Top 100 Albums of the Decade 2000-2009 (part 3)

Sloan—Pretty Together
Murderecords, 2001

Maybe it’s the fact that they are Canadian and American audiences just can’t stomach them, maybe their songwriting is just too saccharine for most American tastes—who knows. Whatever the reason, Sloan will never get what they deserve from America. The press will never acknowledge them (although their 2006 album Never Hear The End Of It did chart on CMJ’s Heatseekers list), the radio won’t play them, and their audience here will always be limited to whoever has the brains to listen to a college radio station every once in awhile. In truth, that’s okay for two reasons: One, it doesn’t make Sloan any less awesome; two, they are HUGE in their home country, so America can just go bugger off, already. Hasn’t everyone already figured out that Canada is a way cooler country than America anyway? They get free health care, their Jagermeister has opiates in it, and one of the best power pop bands of all time is commercially successful there. Seriously, America, take a hint! About the album, though…Pretty Together is one of Sloan’s best, and features all four of the group’s songwriters in top form. Unlike most Sloan records, this one finds the other members giving bassist Chris Murphy a dash for his songwriting cash. Drummer Andrew Scott’s “In the Movies” and “The Great Wall” just might be the two best tunes in his repertoire, and guitarist Patrick Pentland’s “If It Feels Good Do It” has become one of rock’s great morally ambiguous anthems. But most noticeably, guitarist Jay Ferguson really comes into his own on Pretty Together, offering up what is easily one its biggest standouts, the knockout power ballad “Dreaming of You”. Sloan may have reached their plateau with 1999’s Between the Bridges, but Pretty Together was created while they were still hanging around up there.

Super Furry Animals—Rings Around the World
Epic, 2001

This album really scared a lot of rock purists when it came out. When those of us who lived by the 90’s rock credo heard “Sidewalk Serfer Girl” for the first time, it became pretty apparent that everything was about to change. Actually, everything already had changed by that point; we were all just too stubborn to accept it. Rings Around the World helped us to accept it. After the initial scoffing and guffawing wore off, it was impossible to ignore how great this album was—not just how great it was, but how hard to dislike it was. Like a few of the records on this list, it is virtually perfect, though the varied styles of the album make that pretty arguable. One thing is for sure—Rings won’t really sink in until it is viewed on DVD, a rock and roll experience as close to phenomenal as one is likely to get. At the time, it was so phenomenal that SFA decided it had been a little too much, and toned it down halfway to nil for their next release. But, think of it hypothetically—your band makes an album that is revered as a potential “top 5 of the decade” type of record, and in a couple years, you have to follow it up with another? You try it.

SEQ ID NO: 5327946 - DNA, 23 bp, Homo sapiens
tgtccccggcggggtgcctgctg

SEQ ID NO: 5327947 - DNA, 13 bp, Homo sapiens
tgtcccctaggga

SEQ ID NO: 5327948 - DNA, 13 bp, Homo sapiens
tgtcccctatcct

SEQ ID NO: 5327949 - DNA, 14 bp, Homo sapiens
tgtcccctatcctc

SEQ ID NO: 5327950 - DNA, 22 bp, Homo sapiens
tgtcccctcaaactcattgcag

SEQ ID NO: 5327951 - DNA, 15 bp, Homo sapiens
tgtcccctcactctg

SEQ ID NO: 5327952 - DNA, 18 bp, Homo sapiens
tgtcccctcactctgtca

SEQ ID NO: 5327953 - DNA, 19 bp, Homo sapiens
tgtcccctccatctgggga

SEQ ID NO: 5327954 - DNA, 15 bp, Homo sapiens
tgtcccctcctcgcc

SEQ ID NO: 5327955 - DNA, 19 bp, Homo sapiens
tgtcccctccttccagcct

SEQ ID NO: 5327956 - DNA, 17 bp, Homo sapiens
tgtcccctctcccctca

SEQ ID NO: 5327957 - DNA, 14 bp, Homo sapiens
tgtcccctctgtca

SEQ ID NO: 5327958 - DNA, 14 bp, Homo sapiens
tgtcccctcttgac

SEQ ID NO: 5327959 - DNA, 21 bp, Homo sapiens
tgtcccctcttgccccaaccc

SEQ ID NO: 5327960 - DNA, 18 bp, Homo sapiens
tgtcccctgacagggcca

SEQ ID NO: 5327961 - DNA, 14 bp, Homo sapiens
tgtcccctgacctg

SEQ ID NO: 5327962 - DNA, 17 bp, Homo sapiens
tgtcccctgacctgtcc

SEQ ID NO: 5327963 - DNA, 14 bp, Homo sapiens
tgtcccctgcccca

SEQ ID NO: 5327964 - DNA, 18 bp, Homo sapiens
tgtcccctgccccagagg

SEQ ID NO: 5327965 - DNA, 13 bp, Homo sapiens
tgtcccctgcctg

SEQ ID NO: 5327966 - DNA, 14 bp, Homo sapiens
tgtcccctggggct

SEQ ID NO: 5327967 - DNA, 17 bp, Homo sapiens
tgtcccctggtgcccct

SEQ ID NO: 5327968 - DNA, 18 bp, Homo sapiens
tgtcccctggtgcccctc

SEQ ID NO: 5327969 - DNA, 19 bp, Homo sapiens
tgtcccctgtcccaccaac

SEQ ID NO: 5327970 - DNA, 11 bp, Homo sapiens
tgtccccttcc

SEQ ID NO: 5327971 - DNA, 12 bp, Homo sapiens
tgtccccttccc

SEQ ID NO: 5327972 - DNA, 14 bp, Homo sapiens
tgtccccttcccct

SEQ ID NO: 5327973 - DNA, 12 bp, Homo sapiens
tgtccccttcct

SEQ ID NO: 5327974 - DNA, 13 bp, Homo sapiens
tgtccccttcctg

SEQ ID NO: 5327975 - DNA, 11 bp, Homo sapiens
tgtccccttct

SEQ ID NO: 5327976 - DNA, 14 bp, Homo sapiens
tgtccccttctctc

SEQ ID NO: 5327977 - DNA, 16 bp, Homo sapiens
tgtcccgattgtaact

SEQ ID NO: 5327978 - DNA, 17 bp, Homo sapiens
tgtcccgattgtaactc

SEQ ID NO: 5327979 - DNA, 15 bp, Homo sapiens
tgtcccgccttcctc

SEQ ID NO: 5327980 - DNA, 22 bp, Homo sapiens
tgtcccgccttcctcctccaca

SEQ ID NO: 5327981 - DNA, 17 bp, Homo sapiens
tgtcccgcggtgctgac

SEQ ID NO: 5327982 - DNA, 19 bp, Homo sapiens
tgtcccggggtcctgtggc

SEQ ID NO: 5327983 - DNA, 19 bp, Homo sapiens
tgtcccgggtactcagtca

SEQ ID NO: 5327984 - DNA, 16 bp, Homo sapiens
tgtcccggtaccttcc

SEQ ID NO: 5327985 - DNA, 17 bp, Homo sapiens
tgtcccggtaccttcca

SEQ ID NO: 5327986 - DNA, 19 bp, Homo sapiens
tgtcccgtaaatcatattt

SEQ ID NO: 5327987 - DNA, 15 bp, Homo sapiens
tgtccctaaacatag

Elliott Smith—From a Basement on the Hill
Anti-, 2004

To be straightforward, if ANY other Elliott Smith album had come out between the years of 2000 and 2009, it would have been on the list in place of this one. But, Basement should still be recognized and adored as an imperfect gem that, while unfinished, still retains the feeling of a true entry in the Elliott Smith progression. During sessions for the album, Smith was supposedly teaching himself how to record on the computer, the only recording medium he had yet to master. Aside from the album being compiled posthumously by Smith’s producer and his ex-girlfriend, it’s this wonder-boy-amateur approach that gives Basement its dusty, pastiche-like feel. The acoustic songs are classic nods to Smith’s early years, but the big rock numbers are something else entirely—specifically “Shooting Star”, which teams proggy guitar licks with a gigantic chorus of stumbling drums. Seriously, there have to be at least three drum sets going on at once in there (listen closely). This feeling of extreme density permeates the louder songs, most successfully on the totally junked out “Strung Out Again” and “King’s Crossing”, a wrenching ode to desperation. It might be somewhere behind Brian Wilson’s SMiLE on the aforementioned, forthcoming list of Could-Have-Beens, but Basement is still Elliott Smith, and Elliott Smith still rules.

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5 Responses to “Top 100 Albums of the Decade 2000-2009 (part 3)”

  1. Rich Yarges Says:

    I don’t know my friend about “Pretty Together” on this list? For my money “Never Hear The End of It” is a far superior record. I was disappointed with “Pretty Together” upon it’s release. I guess maybe I was expecting another “Between The Bridges.” By the way, Canucks suck except for Sloan and Neil Young!

  2. Record Geek Says:

    Fair enough, Yangs–I can understand where you are coming from. I just go from the fact that, when I listen to “Pretty Together” I hit the skip button a lot less than when I listen to “Never”. That’s what happens when you put 32 songs on your record!

  3. Rich Yarges Says:

    Wow, hitting the skip button on a Sloan record! Dude! There is not a bad song on “Never Hear The End Of It.” To be fair maybe I should give “Pretty Together” another try but I don’t think my opinion will change. Probably splitting hairs like comparing “Bee Thousand” vs. “Alien Lanes.”

  4. Rich Yarges Says:

    Hmmmm, I like that one.

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